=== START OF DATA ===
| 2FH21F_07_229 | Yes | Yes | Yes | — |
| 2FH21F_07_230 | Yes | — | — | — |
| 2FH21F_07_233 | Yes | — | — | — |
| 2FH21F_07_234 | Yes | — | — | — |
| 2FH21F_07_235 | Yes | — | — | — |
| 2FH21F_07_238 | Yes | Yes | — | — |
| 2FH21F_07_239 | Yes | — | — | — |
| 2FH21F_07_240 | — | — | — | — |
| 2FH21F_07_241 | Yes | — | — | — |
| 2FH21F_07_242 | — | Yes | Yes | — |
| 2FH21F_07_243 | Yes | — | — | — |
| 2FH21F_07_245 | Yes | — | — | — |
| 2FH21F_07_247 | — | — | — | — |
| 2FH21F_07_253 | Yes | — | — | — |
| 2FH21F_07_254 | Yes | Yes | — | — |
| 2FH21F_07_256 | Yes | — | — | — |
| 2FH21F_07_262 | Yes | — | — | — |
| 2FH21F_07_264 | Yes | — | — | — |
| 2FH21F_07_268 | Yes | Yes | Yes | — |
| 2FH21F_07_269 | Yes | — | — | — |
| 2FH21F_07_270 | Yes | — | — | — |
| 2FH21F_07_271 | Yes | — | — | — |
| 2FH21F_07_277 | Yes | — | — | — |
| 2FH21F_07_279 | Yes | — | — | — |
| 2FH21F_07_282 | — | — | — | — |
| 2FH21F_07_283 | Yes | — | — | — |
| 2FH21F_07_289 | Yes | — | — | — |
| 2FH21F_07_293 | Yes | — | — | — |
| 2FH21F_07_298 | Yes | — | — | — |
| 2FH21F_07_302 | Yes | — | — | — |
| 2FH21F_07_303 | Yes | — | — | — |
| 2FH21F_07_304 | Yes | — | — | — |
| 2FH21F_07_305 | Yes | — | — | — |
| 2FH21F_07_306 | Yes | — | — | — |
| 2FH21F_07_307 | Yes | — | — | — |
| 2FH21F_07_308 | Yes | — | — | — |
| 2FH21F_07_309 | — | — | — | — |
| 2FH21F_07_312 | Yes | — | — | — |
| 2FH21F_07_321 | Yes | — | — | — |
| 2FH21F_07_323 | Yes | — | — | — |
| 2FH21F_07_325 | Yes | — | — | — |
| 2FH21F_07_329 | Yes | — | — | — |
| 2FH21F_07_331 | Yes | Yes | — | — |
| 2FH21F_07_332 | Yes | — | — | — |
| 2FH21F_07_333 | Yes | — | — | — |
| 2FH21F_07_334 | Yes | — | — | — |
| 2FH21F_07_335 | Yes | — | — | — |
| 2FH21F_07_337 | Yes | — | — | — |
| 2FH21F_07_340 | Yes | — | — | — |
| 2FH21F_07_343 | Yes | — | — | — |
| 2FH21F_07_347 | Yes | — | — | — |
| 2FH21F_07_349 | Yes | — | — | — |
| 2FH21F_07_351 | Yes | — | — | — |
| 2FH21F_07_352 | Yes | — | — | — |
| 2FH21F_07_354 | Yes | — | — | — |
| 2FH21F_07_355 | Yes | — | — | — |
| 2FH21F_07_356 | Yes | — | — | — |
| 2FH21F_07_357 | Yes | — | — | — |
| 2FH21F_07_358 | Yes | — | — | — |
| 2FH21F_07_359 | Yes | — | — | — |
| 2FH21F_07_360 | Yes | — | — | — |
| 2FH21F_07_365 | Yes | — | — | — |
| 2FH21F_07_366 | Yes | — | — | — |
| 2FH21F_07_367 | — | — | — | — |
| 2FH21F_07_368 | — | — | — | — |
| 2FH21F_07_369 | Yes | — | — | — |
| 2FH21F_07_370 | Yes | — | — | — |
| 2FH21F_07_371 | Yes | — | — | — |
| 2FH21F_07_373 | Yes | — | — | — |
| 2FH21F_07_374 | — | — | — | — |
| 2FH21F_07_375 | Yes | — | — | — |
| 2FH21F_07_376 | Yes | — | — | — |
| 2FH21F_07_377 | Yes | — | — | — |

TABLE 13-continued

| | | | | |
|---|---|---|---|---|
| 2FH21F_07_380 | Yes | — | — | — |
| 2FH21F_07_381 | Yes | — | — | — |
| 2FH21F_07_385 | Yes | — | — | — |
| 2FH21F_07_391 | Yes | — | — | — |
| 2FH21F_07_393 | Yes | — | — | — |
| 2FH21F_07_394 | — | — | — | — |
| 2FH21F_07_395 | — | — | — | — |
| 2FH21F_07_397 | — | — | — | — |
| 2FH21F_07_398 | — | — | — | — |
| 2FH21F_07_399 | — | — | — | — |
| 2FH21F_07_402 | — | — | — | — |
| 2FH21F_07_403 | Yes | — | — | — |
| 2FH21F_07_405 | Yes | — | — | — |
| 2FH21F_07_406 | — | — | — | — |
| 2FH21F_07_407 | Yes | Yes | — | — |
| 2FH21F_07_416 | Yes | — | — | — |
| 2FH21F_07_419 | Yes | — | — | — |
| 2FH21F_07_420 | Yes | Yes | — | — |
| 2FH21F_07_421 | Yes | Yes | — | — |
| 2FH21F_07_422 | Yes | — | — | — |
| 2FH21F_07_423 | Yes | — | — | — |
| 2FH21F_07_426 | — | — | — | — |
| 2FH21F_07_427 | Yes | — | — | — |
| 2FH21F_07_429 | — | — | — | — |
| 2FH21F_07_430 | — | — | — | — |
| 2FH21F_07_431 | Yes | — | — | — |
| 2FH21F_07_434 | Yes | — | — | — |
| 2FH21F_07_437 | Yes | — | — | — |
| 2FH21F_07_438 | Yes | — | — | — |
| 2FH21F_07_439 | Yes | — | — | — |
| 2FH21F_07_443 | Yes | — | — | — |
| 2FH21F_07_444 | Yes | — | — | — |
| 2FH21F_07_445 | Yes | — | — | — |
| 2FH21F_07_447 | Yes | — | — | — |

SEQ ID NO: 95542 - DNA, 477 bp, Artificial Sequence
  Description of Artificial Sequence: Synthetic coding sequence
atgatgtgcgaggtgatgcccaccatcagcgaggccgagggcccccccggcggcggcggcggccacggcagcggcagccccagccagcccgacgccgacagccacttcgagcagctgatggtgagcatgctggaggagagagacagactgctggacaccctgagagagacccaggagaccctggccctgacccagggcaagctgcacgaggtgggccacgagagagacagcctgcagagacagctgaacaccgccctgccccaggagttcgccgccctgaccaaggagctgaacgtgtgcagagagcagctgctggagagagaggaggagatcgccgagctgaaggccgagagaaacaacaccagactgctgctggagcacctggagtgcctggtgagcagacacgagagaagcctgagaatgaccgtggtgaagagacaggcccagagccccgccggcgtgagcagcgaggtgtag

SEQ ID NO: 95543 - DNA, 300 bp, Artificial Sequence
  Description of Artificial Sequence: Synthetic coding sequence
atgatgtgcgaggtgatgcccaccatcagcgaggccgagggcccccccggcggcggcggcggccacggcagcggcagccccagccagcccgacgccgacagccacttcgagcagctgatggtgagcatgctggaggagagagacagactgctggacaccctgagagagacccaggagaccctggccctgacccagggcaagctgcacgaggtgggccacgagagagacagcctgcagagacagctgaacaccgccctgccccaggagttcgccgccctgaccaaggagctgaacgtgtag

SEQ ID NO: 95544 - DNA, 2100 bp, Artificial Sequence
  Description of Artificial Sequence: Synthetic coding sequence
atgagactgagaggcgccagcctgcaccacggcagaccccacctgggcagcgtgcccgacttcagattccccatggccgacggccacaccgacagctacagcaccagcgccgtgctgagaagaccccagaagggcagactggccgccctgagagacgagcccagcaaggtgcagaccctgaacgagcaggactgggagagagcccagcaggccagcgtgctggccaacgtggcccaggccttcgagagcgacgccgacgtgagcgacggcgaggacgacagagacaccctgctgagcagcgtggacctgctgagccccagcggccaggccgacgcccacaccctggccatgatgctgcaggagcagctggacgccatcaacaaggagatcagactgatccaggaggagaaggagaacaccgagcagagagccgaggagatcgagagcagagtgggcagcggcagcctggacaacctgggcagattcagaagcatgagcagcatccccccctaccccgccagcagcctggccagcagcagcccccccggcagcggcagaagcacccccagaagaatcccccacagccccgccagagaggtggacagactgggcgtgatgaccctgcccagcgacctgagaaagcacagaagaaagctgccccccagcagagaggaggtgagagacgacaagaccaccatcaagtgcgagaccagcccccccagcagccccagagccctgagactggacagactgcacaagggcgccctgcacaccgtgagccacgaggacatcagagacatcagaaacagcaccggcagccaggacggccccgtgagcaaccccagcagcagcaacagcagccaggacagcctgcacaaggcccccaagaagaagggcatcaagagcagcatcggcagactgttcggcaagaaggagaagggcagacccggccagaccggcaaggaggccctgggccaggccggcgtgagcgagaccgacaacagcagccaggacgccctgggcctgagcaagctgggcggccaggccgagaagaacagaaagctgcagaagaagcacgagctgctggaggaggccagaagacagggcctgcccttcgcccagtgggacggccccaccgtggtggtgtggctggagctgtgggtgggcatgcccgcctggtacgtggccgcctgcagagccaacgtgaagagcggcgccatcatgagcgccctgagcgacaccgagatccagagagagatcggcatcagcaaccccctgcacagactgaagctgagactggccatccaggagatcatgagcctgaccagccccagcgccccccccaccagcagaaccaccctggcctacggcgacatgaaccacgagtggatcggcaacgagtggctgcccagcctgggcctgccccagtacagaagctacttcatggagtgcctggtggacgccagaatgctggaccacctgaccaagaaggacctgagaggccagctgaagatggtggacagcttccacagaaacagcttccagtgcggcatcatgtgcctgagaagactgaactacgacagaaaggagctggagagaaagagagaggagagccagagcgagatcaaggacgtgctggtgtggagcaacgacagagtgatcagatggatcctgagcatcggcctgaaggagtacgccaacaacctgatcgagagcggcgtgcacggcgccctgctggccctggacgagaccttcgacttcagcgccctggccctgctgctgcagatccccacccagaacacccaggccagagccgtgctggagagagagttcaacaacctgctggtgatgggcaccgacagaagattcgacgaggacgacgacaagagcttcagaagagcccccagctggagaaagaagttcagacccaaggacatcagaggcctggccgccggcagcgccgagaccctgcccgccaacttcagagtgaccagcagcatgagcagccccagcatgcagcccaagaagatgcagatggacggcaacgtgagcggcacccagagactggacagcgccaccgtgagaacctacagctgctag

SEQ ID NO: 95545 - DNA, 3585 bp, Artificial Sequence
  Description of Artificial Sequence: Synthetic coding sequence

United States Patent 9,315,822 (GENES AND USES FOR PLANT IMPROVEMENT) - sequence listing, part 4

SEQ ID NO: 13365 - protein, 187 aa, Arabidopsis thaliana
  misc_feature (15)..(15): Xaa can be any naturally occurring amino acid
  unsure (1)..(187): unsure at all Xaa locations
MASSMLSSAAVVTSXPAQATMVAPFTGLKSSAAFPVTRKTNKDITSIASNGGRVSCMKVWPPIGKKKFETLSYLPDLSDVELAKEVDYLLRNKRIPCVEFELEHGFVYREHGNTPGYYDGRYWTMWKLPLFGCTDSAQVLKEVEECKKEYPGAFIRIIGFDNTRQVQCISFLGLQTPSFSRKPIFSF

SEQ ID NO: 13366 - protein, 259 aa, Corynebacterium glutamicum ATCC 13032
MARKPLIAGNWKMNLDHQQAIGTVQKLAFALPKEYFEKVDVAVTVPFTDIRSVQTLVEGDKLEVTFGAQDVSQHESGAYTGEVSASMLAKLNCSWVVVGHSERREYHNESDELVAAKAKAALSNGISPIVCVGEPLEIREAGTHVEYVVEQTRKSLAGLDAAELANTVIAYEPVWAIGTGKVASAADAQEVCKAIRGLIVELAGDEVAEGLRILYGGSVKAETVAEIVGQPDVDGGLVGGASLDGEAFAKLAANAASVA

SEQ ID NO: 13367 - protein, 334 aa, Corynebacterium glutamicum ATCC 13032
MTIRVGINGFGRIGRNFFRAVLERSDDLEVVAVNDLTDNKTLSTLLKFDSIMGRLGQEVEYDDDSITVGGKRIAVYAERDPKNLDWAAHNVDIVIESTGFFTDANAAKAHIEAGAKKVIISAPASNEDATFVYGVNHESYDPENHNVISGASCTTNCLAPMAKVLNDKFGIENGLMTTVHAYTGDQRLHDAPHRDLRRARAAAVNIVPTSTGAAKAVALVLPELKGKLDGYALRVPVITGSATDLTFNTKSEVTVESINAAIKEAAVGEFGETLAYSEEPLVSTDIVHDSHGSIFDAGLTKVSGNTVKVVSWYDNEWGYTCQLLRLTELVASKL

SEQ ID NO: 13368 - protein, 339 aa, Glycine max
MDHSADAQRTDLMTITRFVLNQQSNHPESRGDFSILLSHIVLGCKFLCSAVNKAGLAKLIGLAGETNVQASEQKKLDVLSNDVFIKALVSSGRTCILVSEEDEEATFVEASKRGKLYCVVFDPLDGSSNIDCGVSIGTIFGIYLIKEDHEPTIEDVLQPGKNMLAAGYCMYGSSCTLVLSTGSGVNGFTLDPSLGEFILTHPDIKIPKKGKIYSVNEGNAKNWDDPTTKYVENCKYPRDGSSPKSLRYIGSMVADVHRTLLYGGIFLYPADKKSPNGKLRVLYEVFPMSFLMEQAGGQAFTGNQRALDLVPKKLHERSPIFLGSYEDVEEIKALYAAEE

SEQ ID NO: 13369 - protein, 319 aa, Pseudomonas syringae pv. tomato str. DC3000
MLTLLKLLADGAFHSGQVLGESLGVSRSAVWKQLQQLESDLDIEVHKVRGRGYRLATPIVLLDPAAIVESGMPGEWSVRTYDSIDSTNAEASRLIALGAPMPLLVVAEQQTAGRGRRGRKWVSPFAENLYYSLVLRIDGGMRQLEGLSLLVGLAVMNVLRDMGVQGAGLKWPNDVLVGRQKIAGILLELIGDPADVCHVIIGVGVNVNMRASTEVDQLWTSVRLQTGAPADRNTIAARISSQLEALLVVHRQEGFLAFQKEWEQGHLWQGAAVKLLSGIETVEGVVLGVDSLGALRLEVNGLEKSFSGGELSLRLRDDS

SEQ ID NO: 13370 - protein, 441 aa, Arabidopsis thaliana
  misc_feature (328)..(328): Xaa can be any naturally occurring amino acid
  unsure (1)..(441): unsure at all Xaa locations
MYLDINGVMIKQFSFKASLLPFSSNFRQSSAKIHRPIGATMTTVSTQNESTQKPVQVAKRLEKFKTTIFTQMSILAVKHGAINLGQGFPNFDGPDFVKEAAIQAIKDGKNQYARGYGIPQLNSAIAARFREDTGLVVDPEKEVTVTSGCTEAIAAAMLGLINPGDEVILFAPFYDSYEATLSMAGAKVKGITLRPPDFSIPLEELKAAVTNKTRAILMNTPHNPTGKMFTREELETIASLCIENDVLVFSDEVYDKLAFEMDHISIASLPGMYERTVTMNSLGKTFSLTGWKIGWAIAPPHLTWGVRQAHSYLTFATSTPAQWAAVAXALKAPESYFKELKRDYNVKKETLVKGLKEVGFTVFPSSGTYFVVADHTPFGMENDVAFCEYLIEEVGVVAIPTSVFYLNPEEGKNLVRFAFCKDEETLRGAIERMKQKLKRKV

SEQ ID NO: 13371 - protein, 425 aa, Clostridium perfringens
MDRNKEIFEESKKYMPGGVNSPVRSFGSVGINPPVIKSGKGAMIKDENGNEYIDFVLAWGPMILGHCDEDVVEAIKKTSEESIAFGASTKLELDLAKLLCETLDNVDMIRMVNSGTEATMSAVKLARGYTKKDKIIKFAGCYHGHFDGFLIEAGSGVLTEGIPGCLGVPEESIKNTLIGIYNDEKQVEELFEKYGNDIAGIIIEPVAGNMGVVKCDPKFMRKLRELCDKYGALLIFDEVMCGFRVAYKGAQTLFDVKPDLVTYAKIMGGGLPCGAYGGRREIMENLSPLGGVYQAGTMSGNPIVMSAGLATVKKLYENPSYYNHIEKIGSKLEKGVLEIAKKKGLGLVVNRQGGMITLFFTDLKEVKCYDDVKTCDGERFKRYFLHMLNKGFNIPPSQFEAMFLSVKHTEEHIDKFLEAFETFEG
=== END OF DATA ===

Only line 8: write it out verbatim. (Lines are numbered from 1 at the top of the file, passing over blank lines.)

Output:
| 2FH21F_07_240 | — | — | — | — |